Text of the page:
The United States of America, have you ever wondered how and where they were born?
And i do not speak about the Declaration of Independence, George Washington and the US Constitution, i mean before that, i mean the place and time in which a group of people in search of a better life reached the shores of this country, to create the first permanent settlement on an unfamiliar territory, inhabited only by indigenous peoples, the Wampanoag Indians.
It what happened way back in 1620 on the coast of Massachusetts, in Plymouth to be exact, when 102 pilgrims from Europe, disembarked from the Maylower, the ship that had brought them here, tried and decimated by a difficult trip lasted several months.
Today, Plymouth is a charming and sunny town in the American east coast, beautifully situated in the spectacular setting of New England.
In the summer it turns into a popular seaside resort with a long stretch of beaches and a series of related activities such as fishing, water sports and cruises, autumn instead, thanks to the collection of blueberries, is colored by an amazing red purple and slowly dozes off with the first cold winter and then wake up in spring with colorful and varied Farmers Markets.
The signs of his intense and important past are visible everywhere, along an intense itinerary that takes visitors up to that distant 1620.
Following the Pilgrims Path, a path that leads from the port to the city center, you can visit on foot most of the historical sites, there is however for the lazy also a tourist tram that connects all locations.
You can start from Plymouth Rock, a small rock near the pier located in a classical building, famous for being the place where actually born the United States of America … it seems that this rock, which was slightly less than a car it was the first place where the pilgrims disembarked.
Nearby, along the waterfront you meet, moored at its dock, a perfect reproduction of the Mayflower, the ship that brought the Pilgrims Fathers in America.
The nice thing is that once boarded (the ticket is valid to visit other sites including Plymouth Plantation) you can meet actors in period costumes, who entertain guests with tales of the terrible journey.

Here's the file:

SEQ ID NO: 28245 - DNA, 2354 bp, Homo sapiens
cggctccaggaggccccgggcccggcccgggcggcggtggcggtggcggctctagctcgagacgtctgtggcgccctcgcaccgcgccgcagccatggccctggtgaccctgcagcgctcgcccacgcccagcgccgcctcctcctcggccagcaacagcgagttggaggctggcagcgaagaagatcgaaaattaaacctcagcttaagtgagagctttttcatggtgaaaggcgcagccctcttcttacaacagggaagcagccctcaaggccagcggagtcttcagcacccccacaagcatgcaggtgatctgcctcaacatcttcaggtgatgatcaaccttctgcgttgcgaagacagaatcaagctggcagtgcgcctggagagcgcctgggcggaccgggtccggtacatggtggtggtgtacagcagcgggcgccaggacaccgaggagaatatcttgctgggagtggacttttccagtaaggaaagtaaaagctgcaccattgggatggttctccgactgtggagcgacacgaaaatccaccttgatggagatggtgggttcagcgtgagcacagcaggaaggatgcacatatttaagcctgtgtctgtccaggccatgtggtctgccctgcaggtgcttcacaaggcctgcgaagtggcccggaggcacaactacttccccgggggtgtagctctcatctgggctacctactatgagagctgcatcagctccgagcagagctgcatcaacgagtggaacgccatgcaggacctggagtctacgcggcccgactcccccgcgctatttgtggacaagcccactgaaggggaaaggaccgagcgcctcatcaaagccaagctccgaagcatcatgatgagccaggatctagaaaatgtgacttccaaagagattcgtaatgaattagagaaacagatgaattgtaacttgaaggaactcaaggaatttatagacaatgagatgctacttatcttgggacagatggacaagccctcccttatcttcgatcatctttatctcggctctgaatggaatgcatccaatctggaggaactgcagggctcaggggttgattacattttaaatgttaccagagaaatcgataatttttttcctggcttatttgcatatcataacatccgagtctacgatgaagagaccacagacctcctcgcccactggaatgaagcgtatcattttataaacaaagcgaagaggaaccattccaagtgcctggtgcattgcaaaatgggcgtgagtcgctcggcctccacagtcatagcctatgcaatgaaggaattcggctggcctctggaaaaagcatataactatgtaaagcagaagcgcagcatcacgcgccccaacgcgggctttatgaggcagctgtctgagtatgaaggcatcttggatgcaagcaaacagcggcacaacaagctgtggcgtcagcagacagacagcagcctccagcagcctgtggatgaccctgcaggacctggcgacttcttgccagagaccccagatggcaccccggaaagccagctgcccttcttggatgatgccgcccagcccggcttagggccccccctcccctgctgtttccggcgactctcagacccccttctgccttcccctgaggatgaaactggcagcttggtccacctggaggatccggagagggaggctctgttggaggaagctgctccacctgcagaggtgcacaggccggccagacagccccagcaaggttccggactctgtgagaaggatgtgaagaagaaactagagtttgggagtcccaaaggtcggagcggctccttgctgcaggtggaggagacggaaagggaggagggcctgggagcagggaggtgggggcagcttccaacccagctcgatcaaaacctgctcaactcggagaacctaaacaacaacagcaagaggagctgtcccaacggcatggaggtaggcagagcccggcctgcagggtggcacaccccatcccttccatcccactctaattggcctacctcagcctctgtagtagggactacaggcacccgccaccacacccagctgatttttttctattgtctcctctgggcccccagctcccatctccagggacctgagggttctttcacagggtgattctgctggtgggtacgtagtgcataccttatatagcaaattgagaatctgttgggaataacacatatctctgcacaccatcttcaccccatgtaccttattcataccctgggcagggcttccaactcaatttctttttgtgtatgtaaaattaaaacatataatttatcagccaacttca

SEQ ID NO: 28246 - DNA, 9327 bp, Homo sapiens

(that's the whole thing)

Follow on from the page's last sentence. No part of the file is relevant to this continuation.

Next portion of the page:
Many of the pilgrims, unprepared for the winter cold and without food supplies sufficient, died of starvation and disease a few months after landing.
Crossing the street you can reached Coles Hill, the high ground where they are buried today, not far there is the statue of the indian chief Massasoit, who helped the survivors to move on.
Returning to the center of Plymouth in a few minutes you can reach the Pilgrim Hall Museum, the largest collection in the world regarding objects and decorative arts of the period.
The most visited site is Plymouth Plantation, a faithful reconstruction of the ancient village of the pilgrims (the entrance ticket is the same one used to visit the Mayflower), situated on a hill a few miles from the center.
Here everything is exactly represented as it was at the time of the landing, the houses, the cultivated fields, tools, the furniture, even the people, so here you will find actors dressed in period costumes who interact with visitors answering questions and wondering about strangeness of their clothes, too modern, as if they were still in 1620 … really quite charming.
Not far you can also visit the faithful reconstruction of the Wampanoag Indian village, the local natives that they supported and helped the Pilgrims to survive in the first difficult months in America.
Surely you have heard of Thanksgiving Day, the largest American national celebration which occurs towards the end of November, the fourth Thursday of the month to be precise.
You have to know that everything is born from here!
From an ancient Indian custom mixed to the joy and gratitude to God for the first fruitful harvest of pilgrims exactly one year from the arrival in the new country.
You all Pilgrims, with your wives and your little ones,
Gather yourselves together to the House of Assemblies, on the hill …
there to hear the pastor
and make thanks to Almighty God for all His blessings.
William Bradford, november 1623
(Governor of the first colony of Pilgrims of Plymouth)